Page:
If sex is to be equitable, we need to redefine our understanding of foreplay, argues Laurie Mintz

Posted by: on Oct 25, 2013 | No Comments

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The way in which foreplay is defined by Webster’s dictionary is consistent with the heterosexual, male-focused way most people in our culture describe it. Webster’s online dictionary states that foreplay is: “erotic stimulation preceding intercourse” and the “action or behavior that precedes an event.” In this definition, foreplay is all that comes before the main event–with the main event being heterosexual intercourse.

Further demonstrating that intercourse is considered the main event in our culture is the use of the word sex. We often use that word synonymously with intercourse. Even Webster’s dictionary includes intercourse under the definition of sex. A recent study conducted by researchers at the Kinsey Institute found that while there was variability among people of differing ages, 95 percent of respondents considered penile-vaginal intercourse as “having had sex.” Interestingly, this rate dropped to 89 percent if there was no ejaculation. In other words, if the man doesn’t have an orgasm, it isn’t considered sex by many.

What if sex were defined by the woman’s orgasm? To answer this question, one must first understand women’s physiology. The clitoris has more nerve endings than anywhere else in the body. The clitoris is the orgasm “hot button” in that the vast majority of women require clitoral stimulation to orgasm. During intercourse, the clitoris is only indirectly stimulated and this is why 70% of women don’t orgasm during intercourse. Only a minority of women reach orgasm through penetration alone. Those women who do orgasm through penetration alone often say they do so in the woman-on-top position; this may be because of the friction of rubbing the clitoris against one’s partner’s body parts. Another theory is that women who have orgasms during intercourse have clitorises that are closer to their vagina than those who do not. The bottom line is that in order for a woman to reach orgasm, she generally must have her clitoris in contact with something and it must be stimulated.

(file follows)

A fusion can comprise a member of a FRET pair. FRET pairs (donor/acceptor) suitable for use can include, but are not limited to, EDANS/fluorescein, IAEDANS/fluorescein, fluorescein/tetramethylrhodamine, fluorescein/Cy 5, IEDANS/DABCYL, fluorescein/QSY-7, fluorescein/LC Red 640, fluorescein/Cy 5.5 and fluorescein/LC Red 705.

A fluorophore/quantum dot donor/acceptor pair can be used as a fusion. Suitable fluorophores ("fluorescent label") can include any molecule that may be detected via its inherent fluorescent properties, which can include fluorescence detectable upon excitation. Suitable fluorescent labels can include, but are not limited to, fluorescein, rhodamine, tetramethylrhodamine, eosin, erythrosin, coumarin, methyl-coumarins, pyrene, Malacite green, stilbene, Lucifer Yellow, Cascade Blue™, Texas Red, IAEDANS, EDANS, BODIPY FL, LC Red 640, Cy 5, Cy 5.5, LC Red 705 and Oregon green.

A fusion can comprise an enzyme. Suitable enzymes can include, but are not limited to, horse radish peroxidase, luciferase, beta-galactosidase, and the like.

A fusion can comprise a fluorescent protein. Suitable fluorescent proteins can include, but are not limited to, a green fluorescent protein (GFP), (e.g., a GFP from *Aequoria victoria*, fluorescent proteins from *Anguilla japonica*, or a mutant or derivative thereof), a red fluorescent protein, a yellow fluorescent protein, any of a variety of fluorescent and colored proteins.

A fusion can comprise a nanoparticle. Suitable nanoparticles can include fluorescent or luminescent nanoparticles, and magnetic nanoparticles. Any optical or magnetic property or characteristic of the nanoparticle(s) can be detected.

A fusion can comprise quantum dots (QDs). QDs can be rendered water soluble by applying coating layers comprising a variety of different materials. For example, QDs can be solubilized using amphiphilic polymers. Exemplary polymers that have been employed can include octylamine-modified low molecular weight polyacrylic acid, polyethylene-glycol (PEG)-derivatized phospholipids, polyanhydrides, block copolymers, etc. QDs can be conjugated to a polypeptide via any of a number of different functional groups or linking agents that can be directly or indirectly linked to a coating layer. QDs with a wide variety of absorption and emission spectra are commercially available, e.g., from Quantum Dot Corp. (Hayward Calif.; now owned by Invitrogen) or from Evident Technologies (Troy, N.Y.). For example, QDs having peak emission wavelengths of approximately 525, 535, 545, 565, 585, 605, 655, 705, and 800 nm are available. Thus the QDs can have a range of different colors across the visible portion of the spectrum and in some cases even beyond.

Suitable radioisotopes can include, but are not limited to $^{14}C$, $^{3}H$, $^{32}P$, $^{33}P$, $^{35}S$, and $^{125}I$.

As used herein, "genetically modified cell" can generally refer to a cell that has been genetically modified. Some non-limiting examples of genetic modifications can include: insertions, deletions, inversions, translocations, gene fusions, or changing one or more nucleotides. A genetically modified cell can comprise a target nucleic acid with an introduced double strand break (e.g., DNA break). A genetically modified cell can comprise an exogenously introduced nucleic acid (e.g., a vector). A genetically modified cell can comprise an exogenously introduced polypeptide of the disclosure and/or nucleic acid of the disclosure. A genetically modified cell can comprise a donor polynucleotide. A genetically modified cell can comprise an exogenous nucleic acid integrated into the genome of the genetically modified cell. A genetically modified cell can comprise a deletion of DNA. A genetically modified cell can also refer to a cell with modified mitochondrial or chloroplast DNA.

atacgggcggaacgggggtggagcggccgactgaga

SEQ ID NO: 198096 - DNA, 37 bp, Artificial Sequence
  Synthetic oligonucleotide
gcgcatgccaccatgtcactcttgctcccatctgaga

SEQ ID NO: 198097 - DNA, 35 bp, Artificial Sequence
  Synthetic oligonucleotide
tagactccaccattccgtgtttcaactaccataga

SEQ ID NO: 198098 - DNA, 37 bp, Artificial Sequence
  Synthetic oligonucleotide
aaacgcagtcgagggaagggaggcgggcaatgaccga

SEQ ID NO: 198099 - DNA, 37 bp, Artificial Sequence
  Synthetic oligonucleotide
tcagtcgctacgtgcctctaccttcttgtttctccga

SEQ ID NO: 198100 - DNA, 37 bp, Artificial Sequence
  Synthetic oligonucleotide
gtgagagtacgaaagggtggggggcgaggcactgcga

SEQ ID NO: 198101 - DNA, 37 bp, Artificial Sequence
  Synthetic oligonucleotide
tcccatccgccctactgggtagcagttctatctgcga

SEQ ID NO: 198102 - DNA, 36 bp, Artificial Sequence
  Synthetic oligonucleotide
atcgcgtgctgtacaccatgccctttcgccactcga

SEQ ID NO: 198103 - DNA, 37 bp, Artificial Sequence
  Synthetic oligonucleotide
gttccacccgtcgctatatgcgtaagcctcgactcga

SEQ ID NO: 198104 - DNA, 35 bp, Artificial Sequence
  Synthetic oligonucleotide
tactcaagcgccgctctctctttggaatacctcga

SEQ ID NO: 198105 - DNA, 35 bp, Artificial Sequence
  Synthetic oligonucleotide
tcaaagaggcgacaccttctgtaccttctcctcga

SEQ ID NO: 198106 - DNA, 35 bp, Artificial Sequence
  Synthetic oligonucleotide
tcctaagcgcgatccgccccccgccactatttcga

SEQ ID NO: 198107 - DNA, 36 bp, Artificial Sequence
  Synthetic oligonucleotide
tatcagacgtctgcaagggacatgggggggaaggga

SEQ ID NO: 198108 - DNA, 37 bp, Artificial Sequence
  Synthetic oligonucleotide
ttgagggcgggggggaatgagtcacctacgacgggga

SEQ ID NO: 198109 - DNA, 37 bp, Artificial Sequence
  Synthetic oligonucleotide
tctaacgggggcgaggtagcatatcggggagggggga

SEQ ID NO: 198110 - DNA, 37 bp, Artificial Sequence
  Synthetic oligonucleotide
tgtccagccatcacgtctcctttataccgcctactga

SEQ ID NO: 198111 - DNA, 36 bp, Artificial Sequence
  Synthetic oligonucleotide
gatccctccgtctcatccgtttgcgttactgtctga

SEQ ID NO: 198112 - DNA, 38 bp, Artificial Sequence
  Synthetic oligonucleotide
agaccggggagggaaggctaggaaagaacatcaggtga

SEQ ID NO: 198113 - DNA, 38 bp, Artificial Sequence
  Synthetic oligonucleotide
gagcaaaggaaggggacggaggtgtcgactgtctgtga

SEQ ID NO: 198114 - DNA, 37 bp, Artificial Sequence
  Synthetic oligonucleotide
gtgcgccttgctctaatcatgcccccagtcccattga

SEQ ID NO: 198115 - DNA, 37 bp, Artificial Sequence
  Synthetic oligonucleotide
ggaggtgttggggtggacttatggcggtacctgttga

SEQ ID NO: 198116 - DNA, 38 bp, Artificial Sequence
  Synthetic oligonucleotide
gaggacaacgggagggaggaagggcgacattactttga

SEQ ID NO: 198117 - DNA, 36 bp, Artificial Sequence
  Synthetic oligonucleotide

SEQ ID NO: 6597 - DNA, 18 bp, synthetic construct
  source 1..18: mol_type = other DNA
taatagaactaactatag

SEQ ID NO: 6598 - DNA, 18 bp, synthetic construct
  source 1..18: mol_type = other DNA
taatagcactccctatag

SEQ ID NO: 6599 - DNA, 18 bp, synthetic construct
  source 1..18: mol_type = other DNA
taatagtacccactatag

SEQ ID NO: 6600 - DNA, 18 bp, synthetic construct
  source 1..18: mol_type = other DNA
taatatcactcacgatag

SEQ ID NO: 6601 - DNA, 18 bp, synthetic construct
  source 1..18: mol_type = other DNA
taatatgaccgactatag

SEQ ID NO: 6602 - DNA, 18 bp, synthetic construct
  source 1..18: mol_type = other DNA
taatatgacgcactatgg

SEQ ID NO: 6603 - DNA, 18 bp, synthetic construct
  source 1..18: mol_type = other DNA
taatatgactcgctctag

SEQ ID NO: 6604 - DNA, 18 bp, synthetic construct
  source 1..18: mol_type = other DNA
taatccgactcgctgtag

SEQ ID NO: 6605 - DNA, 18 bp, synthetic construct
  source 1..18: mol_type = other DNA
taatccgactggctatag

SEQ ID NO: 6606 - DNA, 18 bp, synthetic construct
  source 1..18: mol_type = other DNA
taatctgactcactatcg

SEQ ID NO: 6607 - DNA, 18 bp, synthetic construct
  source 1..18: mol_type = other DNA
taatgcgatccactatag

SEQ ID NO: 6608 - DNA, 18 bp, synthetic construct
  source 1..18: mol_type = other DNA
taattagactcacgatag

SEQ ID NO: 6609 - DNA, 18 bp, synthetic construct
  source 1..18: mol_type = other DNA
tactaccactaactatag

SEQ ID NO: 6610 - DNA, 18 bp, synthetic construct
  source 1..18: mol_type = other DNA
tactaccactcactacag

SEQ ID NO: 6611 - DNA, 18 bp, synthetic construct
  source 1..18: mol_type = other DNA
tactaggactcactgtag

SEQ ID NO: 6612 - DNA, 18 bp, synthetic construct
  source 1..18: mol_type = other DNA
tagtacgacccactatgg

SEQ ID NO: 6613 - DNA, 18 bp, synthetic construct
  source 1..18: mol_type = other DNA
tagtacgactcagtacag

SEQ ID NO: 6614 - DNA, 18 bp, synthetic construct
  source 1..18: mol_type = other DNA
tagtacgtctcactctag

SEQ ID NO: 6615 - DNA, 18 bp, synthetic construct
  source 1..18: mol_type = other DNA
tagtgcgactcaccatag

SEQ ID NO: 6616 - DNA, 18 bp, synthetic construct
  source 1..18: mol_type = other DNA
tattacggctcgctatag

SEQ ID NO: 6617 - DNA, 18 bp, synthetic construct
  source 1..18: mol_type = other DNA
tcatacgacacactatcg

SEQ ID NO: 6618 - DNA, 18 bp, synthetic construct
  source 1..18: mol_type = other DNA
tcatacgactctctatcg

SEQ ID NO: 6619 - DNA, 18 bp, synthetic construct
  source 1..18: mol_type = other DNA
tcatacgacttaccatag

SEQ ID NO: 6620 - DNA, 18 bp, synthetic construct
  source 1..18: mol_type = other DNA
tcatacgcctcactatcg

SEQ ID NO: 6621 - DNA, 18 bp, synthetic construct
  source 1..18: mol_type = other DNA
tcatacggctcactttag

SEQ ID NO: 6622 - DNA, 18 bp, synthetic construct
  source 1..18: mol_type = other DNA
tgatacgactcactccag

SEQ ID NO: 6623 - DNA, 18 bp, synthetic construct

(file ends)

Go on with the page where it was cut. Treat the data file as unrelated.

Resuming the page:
Given this, if women’s sexual satisfaction were the defining criteria, intercourse wouldn’t be the “main event.” Foreplay would be. In this world, the clitoral caressing that occurs before intercourse would be called sex and intercourse would be called post-play. Sex expert Lori Buckley prefers the term “sex play” to foreplay, pointing out that that clitoral stimulation (by oneself, one’s partner, or a vibrator) can occur before, during, after–or even instead of–intercourse.

No matter what we call it, the important thing for women’s sexual satisfaction is that they know about the importance of clitoral stimulation and that they tell their partners about it. As a therapist, I see women who are dissatisfied with their sex lives. When I ask what they do during a sexual encounter, I hear about intercourse without much clitoral stimulation. When I encourage more of this, satisfaction increases. Likewise, I’ve received several calls from women concerned that they can’t orgasm during intercourse. What relief they feel when I tell them that they are in the company of the majority of women! They finally feel that it is acceptable to orgasm the way that works best for them: through oral or manual clitoral stimulation.